The multiple waves of cyberattacks that infected corporate and governmental servers across the globe in the last couple of days have reached the freight logistics industry. Earlier today, FedEx reported that worldwide operations for its subsidiary, TNT Express, have been “significantly affected due to the infiltration of an information system virus.”
FedEx has not yet released the details of the attack other than admitting that its impact could be “material,” however it appears to be part of a larger, ongoing global “ransomware” attack.
TNT Express said that its operations and communications systems have been disrupted, but that “no data breach is known to have occurred.” All other FedEx companies said they are unaffected and services are operating normally.
Hardest hit were TNT Express inter-continental services, where delays are reportedly widespread. TNT Express domestic country and regional network services are largely operational, but they are also experiencing delays, the company said.
Until the problem is resolved, TNT Express said it is offering FedEx Express services as alternatives. Customers seeking updated information should call TNT Express Customer Service or visit TNT Express’s website at tnt.com.
On the maritime side, seafreight giant Maersk was hit yesterday by a form of a ransomware virus, which encrypts and immobilizes all files within an infected server and demands payment in the form of bitcoin to have the encryptions removed.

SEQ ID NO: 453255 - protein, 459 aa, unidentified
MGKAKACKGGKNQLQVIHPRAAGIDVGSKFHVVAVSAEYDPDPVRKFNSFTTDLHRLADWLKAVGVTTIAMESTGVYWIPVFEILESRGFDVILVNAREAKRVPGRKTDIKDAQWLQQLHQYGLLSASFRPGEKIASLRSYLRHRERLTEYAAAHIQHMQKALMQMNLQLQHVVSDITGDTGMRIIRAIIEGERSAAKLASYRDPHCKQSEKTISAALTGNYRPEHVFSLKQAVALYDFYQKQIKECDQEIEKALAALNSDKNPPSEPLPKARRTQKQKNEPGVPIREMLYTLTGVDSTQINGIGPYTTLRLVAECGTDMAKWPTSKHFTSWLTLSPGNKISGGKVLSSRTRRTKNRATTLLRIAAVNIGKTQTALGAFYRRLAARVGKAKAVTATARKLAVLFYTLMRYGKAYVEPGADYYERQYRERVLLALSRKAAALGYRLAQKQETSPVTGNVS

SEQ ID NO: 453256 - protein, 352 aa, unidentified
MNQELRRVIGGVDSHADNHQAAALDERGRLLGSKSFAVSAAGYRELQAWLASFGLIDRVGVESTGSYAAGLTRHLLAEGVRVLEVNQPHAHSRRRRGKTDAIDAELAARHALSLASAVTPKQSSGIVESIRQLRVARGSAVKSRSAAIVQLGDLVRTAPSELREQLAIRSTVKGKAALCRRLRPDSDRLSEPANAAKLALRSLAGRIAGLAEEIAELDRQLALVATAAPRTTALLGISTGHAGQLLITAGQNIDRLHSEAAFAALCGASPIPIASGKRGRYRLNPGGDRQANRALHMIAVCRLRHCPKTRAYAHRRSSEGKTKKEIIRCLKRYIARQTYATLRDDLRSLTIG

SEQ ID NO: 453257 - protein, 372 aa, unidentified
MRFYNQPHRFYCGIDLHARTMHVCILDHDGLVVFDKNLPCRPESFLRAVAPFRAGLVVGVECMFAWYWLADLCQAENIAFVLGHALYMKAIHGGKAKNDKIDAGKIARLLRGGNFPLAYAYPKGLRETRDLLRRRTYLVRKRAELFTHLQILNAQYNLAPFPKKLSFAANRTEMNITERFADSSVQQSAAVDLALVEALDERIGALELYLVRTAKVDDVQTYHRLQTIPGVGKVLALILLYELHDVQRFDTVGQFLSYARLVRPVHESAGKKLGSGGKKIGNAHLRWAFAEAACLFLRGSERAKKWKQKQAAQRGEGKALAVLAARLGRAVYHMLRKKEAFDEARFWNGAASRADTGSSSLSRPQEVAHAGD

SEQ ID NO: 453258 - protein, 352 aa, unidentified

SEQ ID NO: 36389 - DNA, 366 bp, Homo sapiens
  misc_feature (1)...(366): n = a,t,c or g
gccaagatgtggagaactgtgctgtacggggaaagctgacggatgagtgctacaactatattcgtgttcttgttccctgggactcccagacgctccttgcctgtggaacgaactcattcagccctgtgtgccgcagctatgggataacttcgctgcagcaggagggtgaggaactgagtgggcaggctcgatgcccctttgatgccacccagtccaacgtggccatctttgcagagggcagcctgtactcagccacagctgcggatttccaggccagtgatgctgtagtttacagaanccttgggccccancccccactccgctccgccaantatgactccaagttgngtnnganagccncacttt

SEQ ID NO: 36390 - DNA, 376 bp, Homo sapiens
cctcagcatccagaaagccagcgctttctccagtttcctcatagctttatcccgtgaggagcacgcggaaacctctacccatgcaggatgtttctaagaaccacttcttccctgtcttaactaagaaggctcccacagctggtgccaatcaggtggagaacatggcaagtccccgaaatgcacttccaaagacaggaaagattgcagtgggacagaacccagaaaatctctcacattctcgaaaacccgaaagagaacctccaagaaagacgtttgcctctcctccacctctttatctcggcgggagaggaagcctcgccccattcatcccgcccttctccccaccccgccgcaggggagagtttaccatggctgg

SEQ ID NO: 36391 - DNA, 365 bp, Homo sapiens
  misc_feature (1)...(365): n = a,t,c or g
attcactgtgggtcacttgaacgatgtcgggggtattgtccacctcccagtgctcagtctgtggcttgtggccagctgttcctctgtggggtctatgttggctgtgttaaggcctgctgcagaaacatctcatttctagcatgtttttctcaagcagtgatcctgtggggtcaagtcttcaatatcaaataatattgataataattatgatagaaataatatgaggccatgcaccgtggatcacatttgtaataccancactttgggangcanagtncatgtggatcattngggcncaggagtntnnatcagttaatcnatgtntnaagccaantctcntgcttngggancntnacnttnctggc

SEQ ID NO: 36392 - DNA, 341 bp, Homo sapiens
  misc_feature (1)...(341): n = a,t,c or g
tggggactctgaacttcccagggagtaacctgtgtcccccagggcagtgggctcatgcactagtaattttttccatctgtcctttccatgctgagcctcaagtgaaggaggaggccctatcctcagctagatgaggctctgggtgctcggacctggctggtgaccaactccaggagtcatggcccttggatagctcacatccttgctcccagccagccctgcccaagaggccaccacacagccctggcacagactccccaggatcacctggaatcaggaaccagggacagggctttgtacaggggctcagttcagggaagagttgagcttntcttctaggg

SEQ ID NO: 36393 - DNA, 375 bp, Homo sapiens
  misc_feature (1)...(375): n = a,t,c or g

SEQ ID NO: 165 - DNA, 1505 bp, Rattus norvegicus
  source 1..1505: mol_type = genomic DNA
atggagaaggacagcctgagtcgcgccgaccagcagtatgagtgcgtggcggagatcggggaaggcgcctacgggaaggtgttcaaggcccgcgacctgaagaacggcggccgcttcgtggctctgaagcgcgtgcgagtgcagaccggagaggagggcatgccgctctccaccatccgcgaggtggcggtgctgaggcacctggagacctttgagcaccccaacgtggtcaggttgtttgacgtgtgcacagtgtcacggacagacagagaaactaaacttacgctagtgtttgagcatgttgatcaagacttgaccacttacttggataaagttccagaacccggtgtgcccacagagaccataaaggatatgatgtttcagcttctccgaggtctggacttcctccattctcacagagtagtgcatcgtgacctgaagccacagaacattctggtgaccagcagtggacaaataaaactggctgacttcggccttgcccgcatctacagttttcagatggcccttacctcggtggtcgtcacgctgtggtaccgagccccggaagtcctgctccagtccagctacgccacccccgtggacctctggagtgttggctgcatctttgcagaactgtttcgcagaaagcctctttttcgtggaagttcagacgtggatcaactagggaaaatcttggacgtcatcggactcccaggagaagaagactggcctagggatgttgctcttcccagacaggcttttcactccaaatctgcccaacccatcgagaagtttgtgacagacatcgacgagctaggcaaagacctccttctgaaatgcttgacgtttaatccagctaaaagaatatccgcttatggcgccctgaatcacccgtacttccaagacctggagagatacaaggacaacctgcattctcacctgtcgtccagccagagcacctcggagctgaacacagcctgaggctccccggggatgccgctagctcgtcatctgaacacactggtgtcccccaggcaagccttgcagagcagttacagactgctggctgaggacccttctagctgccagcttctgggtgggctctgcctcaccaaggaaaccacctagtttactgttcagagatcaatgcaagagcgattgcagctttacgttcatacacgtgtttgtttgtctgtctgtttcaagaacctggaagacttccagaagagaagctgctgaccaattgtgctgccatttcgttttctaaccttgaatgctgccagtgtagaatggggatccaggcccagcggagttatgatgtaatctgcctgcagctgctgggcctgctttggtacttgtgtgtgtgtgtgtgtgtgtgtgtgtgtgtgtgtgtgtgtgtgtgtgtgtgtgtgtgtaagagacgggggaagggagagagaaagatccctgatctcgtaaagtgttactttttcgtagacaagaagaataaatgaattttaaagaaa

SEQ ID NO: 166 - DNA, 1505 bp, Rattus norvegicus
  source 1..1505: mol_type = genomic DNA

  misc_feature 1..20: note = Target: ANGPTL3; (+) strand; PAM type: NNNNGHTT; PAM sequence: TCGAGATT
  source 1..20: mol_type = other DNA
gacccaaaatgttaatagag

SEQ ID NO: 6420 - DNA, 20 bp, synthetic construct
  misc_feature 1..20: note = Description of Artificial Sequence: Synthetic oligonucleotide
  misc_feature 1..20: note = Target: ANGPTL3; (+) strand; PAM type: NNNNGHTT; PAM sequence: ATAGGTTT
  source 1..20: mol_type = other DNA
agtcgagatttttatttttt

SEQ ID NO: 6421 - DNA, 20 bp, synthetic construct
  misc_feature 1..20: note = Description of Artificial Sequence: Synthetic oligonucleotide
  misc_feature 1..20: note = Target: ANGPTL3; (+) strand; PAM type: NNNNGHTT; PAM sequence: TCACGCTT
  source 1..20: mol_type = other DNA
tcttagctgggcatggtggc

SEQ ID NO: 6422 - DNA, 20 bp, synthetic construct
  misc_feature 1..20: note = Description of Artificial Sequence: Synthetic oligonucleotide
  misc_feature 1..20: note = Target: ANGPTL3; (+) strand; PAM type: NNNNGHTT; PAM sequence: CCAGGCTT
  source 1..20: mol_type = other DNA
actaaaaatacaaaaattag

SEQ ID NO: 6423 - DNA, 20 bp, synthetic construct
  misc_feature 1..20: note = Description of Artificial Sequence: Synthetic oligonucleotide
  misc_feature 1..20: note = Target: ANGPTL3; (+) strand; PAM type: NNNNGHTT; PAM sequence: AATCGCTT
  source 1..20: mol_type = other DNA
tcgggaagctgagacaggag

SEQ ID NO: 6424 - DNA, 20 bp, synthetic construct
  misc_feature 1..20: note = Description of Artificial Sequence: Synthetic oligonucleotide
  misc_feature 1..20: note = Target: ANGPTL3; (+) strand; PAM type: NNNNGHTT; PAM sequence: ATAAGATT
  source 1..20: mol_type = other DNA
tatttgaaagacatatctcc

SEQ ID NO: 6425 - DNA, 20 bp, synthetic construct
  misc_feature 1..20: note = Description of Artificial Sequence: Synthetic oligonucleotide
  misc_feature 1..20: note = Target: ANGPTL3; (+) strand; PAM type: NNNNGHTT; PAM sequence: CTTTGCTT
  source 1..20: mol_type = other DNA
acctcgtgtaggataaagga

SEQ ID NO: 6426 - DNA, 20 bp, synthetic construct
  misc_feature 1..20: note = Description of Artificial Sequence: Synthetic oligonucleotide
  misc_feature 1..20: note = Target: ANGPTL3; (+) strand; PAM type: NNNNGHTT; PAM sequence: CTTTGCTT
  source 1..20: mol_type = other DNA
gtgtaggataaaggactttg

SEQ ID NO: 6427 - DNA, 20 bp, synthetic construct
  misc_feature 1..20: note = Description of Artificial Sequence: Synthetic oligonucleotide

The breach forced the maritime company to close its Los Angeles and New York City terminals. The company is now reporting that it has “contained the issue.” However, as of Wednesday afternoon Pacific Time, Maersk said it was still “working on resuming normal operations,” as shippers grew increasingly worried about disruptions to their supply chains.
Elsewhere, the cyberattack struck APM Terminals in Mumbai, threatening to disrupt operations at Jawaharlal Nehru Port. Malicious code from this latest ransomware attack snarled operations across global markets, ranging from transportation to finance to energy.
Over at cybersecurity firm Comae, founder Matt Suiche wrote that the virus, known as Petya, was a “wiper,” not ransomware. “We can see the current version of Petya clearly got rewritten to be a wiper and not an actual ransomware,” Suiche wrote.
While the virus appears to have targeted Ukraine – as many as 60 percent of the systems infected by the Petya ransomware were located within Ukraine –this latest attack raises the pressure on the freight and logistics industry to do more to protect its data.1 - Reader Likes This Post